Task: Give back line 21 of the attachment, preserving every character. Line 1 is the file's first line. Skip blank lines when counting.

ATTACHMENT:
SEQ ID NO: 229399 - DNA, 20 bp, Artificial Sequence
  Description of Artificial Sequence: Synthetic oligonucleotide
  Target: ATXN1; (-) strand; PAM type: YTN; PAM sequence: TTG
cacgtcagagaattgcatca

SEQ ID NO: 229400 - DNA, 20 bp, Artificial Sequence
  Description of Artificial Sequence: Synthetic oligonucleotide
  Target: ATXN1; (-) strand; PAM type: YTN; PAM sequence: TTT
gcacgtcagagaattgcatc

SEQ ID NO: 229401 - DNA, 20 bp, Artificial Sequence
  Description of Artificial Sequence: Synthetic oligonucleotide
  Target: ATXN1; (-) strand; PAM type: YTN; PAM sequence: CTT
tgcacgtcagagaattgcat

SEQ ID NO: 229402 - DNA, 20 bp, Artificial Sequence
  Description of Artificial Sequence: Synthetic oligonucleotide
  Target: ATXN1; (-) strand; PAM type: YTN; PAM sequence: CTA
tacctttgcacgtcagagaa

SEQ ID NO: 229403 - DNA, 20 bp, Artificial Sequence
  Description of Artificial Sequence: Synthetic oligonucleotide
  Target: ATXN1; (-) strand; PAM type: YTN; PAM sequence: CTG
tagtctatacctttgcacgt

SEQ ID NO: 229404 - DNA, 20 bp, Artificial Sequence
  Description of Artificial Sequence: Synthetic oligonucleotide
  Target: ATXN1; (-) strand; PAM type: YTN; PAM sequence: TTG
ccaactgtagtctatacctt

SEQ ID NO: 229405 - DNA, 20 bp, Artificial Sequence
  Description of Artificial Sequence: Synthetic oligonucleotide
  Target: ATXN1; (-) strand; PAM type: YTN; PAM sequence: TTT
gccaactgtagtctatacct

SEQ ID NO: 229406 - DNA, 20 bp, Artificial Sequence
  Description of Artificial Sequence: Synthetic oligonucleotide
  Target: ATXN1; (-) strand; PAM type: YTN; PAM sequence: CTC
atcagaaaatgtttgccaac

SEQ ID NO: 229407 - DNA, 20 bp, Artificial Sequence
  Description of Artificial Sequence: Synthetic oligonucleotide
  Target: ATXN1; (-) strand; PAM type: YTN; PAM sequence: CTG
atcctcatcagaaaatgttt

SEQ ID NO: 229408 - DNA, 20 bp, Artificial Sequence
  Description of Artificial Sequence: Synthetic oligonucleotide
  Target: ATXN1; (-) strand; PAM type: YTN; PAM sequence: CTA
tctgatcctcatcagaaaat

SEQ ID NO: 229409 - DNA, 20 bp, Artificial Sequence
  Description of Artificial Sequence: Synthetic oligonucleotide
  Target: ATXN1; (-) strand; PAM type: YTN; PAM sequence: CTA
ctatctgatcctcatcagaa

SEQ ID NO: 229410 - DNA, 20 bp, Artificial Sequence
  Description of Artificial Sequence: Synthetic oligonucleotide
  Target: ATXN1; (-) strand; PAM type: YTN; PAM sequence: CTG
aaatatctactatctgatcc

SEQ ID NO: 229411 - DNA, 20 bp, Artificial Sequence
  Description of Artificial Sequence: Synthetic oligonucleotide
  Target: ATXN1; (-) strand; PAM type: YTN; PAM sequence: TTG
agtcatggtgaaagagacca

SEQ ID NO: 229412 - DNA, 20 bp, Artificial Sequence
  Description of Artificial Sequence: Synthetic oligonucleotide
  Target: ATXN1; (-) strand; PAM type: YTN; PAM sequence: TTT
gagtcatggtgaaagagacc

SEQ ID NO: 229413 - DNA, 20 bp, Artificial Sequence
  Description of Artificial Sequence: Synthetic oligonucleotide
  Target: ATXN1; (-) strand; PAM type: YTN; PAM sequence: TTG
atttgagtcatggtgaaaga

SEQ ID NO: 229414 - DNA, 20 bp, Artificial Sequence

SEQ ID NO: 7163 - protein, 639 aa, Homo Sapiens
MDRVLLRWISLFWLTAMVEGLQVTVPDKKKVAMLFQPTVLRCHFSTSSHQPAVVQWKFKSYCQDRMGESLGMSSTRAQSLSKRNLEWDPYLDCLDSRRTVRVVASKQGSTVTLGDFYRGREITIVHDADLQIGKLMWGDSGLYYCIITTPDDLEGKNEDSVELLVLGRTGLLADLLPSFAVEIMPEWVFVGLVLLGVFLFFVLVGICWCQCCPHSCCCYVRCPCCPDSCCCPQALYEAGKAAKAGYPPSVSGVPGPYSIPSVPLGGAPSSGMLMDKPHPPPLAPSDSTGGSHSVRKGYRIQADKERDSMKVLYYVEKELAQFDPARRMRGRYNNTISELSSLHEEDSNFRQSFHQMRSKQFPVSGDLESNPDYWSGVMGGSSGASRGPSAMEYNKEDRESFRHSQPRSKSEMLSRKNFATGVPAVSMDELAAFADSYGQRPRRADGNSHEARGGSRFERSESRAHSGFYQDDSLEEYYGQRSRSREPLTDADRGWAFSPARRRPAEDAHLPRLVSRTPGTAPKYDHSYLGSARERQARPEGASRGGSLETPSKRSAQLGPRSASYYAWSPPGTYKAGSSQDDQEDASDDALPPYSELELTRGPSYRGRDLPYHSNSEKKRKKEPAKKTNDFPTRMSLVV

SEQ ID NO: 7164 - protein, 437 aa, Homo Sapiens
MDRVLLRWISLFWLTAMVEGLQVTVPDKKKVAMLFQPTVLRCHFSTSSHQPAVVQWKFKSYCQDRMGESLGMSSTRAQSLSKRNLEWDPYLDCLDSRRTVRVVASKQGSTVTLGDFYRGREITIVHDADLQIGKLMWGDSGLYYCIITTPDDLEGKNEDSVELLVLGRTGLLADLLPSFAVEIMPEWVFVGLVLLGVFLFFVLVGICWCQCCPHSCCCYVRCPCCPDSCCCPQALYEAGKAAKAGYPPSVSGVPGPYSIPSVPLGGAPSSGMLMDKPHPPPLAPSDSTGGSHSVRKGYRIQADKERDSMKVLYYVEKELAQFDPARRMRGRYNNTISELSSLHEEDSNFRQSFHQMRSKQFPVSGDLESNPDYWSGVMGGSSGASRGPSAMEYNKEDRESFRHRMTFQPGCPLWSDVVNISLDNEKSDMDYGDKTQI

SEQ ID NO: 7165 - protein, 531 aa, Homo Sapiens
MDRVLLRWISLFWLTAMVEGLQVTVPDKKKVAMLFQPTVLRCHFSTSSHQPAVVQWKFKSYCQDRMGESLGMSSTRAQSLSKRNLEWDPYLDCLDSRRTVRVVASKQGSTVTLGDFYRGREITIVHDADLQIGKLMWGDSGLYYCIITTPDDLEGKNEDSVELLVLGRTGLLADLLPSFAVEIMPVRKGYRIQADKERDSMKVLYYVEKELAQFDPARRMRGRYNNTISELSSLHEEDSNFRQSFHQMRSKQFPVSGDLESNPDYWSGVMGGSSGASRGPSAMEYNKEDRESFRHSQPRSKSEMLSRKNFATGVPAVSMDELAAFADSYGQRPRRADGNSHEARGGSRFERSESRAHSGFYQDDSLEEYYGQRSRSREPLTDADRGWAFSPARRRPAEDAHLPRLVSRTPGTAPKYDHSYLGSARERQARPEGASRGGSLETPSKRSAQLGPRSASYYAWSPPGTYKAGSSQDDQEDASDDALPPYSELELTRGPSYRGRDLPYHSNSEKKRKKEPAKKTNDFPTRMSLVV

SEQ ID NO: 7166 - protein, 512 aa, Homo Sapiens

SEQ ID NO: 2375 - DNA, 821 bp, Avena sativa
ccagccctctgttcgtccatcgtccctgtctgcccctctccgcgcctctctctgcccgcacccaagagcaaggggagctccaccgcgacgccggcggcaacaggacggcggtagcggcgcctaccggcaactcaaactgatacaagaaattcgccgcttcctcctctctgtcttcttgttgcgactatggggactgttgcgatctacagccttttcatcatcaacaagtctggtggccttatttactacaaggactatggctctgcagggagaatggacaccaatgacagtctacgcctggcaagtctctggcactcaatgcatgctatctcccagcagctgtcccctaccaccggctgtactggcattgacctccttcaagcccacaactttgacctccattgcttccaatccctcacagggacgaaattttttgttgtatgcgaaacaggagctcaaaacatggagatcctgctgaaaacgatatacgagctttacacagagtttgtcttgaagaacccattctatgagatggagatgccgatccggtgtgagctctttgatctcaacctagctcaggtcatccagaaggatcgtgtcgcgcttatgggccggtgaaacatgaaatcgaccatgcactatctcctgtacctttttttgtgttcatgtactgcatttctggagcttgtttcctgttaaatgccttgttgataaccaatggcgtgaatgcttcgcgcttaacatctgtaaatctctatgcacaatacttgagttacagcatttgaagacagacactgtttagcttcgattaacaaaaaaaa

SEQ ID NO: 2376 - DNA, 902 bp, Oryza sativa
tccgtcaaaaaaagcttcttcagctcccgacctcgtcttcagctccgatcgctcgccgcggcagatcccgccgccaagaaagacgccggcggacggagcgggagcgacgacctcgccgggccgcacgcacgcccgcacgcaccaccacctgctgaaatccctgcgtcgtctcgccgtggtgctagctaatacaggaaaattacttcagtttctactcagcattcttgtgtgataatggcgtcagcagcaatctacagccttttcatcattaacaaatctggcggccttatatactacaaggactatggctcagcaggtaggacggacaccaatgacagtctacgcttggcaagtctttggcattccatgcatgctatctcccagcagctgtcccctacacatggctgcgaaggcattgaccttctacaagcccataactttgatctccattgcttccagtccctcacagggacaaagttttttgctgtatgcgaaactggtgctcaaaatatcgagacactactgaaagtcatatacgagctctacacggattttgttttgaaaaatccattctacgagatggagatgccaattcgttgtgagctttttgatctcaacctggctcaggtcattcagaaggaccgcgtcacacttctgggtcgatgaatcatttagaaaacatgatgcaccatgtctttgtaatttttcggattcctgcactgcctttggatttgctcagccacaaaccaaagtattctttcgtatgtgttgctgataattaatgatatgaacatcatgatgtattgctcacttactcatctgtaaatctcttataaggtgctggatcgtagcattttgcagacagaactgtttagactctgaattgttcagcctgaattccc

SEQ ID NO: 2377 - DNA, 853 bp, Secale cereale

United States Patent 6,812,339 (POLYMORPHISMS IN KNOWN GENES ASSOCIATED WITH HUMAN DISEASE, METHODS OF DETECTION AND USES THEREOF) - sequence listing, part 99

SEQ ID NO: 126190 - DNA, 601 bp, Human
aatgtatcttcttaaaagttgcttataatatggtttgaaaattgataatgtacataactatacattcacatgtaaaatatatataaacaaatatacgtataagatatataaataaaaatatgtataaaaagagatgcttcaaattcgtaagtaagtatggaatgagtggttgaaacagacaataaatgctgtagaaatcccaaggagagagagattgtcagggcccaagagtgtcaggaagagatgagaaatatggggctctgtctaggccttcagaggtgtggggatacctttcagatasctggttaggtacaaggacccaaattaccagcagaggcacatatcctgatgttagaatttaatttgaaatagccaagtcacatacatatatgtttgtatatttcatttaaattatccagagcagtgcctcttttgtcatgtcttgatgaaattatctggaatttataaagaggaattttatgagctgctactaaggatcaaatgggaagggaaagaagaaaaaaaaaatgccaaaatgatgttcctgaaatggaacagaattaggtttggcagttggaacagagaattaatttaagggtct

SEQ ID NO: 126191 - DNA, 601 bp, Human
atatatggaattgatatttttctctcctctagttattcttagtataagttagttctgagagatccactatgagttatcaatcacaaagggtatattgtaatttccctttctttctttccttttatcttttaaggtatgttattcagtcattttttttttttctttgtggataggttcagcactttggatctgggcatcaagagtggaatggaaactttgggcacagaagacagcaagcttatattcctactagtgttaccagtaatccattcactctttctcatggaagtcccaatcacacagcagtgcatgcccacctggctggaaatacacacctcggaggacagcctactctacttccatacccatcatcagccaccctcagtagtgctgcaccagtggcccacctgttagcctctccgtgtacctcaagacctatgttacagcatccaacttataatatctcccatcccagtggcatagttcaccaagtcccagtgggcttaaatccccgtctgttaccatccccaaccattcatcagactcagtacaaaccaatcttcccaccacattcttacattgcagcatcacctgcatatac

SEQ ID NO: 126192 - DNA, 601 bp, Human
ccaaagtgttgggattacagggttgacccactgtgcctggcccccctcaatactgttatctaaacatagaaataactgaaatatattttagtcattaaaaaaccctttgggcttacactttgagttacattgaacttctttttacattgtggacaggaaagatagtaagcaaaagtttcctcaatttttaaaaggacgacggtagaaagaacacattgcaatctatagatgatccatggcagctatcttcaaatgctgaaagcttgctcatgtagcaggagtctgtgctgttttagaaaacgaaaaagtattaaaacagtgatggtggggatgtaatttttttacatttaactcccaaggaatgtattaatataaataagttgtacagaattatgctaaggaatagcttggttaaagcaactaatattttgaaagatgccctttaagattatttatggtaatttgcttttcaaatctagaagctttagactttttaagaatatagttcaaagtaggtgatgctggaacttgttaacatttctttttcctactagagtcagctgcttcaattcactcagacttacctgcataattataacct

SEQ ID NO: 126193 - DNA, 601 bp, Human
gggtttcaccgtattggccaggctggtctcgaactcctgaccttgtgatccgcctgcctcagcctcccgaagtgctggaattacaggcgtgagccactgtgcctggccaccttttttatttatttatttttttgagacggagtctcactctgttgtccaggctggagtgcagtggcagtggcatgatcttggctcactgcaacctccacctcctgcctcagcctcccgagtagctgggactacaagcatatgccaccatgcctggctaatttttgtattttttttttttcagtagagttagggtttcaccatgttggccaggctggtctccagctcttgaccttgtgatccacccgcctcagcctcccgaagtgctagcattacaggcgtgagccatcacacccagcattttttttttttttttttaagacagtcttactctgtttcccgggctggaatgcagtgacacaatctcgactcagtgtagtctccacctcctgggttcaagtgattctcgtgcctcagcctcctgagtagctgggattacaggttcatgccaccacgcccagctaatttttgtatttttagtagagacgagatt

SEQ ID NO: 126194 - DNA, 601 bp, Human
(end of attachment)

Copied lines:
SEQ ID NO: 229404 - DNA, 20 bp, Artificial Sequence